Jon Taylor, left, and Frank Montaño. Photo by Gary Krueger

“We spent a total of 60 days carefully crafting the soundtrack, including 14 days for dialogue pre-dubs and 15 for effects pre-dubs,” Taylor explains. “Although the film involves three separate acts, the music maintains the overall story flow. While the score tells us a lot about the drama unfolding on the screen, the quality of the dialogue and backgrounds needs to fit into that space.”

“The key came when we realized that [lead character] Louis Zamperini is an enabler who, in the pivotal scenes, looks after his colleagues,” offers Montaño. “When he is moving around the interior [of the damaged B-24 Liberator during the ill-fated bombing raid], we needed to hear everything he was saying to his crew members [despite the high-speed action]. We felt that the spirit of Louis was in the room all the time, no matter what the scene.”

“Given his role as caretaker, dialogue mattered throughout the film,” Taylor points out. “Louis took care of people and Angelina wanted very much to have the audience feel what he was going through during the film’s action. We wanted the film soundtrack to feel very real, with no gimmicks. After all, Unbroken is a true story; we did our very best to tell that story as realistically as we could.”

Co-writer/director Christopher Nolan’s Interstellar was re-recorded on Warner Bros. Studio Services’ Stage 9, with Rizzo handling dialogue, backgrounds and Foley, and Landaker overseeing sound effects and music. The film marks the fourth nomination for Rizzo, who won an Oscar for Inception (2010), and the eighth for Landaker, who received one each for Speed (1994), Raiders of The Lost Ark (1981) and The Empire Strikes Back (1980). “Given the negative reactions we had seen in the media about the film’s soundtrack, I was thrilled, excited and bewildered at the nomination,” Landaker says. “You never get over that thrill of hearing your name being announced,” adds Rizzo. “I was completely overwhelmed!” The re-recording team also received a CAS nomination.

“We had no preconceived ideas going into the soundtrack,” Landaker recalls. Rizzo elaborates: “Chris let us lay out the mix as we heard it — he wanted our reactions — and then refined our directions. He didn’t want the soundtrack to be over-conceptual or too layered, just clean and real. We just had a few lines of ADR, for example.” “We relied on the production track, to ensure a heightened sense of realism,” Landaker adds. “The director wanted to hear on the stage what he had heard during the shoot.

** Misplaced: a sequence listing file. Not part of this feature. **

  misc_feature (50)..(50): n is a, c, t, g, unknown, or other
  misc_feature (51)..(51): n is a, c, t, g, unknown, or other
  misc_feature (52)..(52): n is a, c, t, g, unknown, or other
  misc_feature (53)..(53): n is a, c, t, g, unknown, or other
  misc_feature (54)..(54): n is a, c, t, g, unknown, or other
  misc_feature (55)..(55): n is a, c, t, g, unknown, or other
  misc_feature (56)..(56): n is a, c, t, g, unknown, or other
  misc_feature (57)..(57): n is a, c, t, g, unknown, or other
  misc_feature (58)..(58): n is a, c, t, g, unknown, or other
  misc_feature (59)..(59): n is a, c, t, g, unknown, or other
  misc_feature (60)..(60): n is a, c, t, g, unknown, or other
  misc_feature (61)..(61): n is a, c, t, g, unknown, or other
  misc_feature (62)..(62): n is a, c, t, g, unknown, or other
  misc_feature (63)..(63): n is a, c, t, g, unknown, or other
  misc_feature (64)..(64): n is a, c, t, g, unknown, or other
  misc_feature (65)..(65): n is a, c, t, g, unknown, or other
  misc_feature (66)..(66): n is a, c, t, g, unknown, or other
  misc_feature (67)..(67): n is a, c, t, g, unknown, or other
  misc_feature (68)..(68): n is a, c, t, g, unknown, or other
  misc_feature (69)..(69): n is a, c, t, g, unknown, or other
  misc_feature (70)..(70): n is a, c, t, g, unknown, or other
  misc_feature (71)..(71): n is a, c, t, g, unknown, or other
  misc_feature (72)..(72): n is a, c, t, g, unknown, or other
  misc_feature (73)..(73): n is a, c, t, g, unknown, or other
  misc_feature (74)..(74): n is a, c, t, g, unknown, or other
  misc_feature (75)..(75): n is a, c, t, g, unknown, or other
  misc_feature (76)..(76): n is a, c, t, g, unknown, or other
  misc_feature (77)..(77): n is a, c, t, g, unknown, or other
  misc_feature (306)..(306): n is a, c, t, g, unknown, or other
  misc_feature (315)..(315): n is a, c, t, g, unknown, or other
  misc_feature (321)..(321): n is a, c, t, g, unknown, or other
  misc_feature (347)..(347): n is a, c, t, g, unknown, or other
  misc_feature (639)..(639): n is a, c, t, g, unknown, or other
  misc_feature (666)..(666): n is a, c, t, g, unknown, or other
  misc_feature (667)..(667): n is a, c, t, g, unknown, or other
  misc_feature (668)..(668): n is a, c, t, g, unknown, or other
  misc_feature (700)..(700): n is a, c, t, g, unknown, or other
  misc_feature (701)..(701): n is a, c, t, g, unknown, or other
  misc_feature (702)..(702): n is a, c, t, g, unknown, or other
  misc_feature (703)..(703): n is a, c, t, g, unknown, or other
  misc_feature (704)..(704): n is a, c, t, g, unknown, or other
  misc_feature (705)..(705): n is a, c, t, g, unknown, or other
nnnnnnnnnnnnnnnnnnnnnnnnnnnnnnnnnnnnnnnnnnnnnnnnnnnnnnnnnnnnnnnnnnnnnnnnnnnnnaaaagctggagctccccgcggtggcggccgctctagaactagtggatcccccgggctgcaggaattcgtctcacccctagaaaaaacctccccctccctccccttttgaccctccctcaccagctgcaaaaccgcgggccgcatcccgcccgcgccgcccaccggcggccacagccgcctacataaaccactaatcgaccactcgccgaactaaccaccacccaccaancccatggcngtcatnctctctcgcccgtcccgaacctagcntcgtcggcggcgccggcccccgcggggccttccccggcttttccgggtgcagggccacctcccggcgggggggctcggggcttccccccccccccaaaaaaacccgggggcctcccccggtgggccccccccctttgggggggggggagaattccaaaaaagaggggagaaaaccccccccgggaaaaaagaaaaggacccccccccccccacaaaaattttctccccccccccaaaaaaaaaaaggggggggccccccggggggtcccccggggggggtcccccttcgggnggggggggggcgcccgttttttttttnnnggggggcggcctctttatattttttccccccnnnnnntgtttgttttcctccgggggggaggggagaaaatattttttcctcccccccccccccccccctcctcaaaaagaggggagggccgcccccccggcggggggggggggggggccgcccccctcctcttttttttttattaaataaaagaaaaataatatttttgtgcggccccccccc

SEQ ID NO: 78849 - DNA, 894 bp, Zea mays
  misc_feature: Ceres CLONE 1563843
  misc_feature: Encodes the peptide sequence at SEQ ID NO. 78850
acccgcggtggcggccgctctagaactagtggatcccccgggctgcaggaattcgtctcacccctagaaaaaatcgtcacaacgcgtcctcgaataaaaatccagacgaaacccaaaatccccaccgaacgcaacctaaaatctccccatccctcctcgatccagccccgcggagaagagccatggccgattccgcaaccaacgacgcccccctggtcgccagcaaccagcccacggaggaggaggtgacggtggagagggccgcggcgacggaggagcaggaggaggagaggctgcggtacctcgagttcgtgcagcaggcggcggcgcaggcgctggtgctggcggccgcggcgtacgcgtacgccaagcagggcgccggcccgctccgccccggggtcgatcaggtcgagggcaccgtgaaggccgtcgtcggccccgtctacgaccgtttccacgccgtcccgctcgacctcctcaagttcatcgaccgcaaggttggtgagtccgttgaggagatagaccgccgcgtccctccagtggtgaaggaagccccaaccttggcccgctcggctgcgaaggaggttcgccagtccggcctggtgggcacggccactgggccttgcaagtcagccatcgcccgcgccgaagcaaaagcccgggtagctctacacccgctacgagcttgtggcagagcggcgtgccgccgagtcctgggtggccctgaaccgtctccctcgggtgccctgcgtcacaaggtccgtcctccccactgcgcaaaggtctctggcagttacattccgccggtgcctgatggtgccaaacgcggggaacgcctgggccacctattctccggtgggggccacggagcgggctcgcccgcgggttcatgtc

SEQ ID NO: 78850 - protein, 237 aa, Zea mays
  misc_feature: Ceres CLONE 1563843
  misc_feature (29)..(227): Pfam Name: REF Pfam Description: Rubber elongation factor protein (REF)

“The mix, which lasted for 14 weeks, was Chris’ final process,” Landaker continues. “Since we did no pre-dubs, that was when all the elements came together. We mixed in 5.1-channel format, with the LFE being on all of the time to fill the room with low-end frequencies. During the final seven weeks, we would mix the entire film for four days, and then each Friday took the in-progress soundtrack to a local theatre to hear how the eight-reel mix was coming together.” Rizzo says his favorite moment offered great dynamic range — “where [the lead character] makes a quiet and difficult goodbye to his daughter, then transitions into a huge rocketing departure. It’s a moment where all the crafts are working together; everyone’s dynamic is exhibited here in the fullest fidelity.”

Gregg Landaker, left, and Gary Rizzo. Photo by Martin Cohen

Whiplash, written and directed by Damien Chazelle, was re-recorded on Technicolor at Paramount’s Stage 4 by dialogue and music mixer Mann and sound effects mixer Ben Wilkins. This is the first Oscar nomination for the creative team, who worked together previously at Todd- Soundelux. “I was stunned to receive the nomination because there were so many good films released last year,” Mann acknowledges. “The Sound Mixing category represents a lot of good offerings; we are up against a lot of talented mixers,” agrees Wilkins. The film also received BAFTA and AMPS (the UK’s Association of Motion Picture Sound) nominations.

“Since the film had to be ready for last year’s Sundance Festival, we had just 10 days to mix the soundtrack,” Wilkins reveals. “Craig and I also served as supervising sound editors on the project, so we were kept pretty busy from day one. After the film secured Grand Jury and Audience Awards at Sundance, we asked for three more days to make some small tweaks and music changes before we let it go.” To which Mann adds, “Because the screenplay is semi- autobiographical,” Chazelle — who can also play drums — knew exactly what he wanted to hear on the soundtrack.

“We had a combination of maybe 20 percent live musical tracks from the set and the rest were pre-records,” Mann continues. “We received production dialogue, but there was overlap and carry-over from the various instruments, which we fixed with iZotope RX3’s spectral repair plug-in. We also took impulse responses on the set to help match production with pre-record drumming.” According to Wilkins, “The sets were pretty reverberant, with wooden walls in a cement basement that had creaky floors. To help us in the mix, we had some great Foley tracks.”

“We’re pleased with the way the track turned out,” says Mann. “We made one final pass,” says Wilkins, “making sure that every sound was there by choice; in terms of intent, there are no grey areas. To be honest,” Wilkins concludes, with characteristic English candor, “the soundtrack is not perfect, but it’s bloody good!”

About Mel Lambert 72 Articles
Mel Lambert is intimately involved with production industries on both sides of the Atlantic. He is a 30-year member of the UK’s National Union of Journalists. He can be reached at [email protected].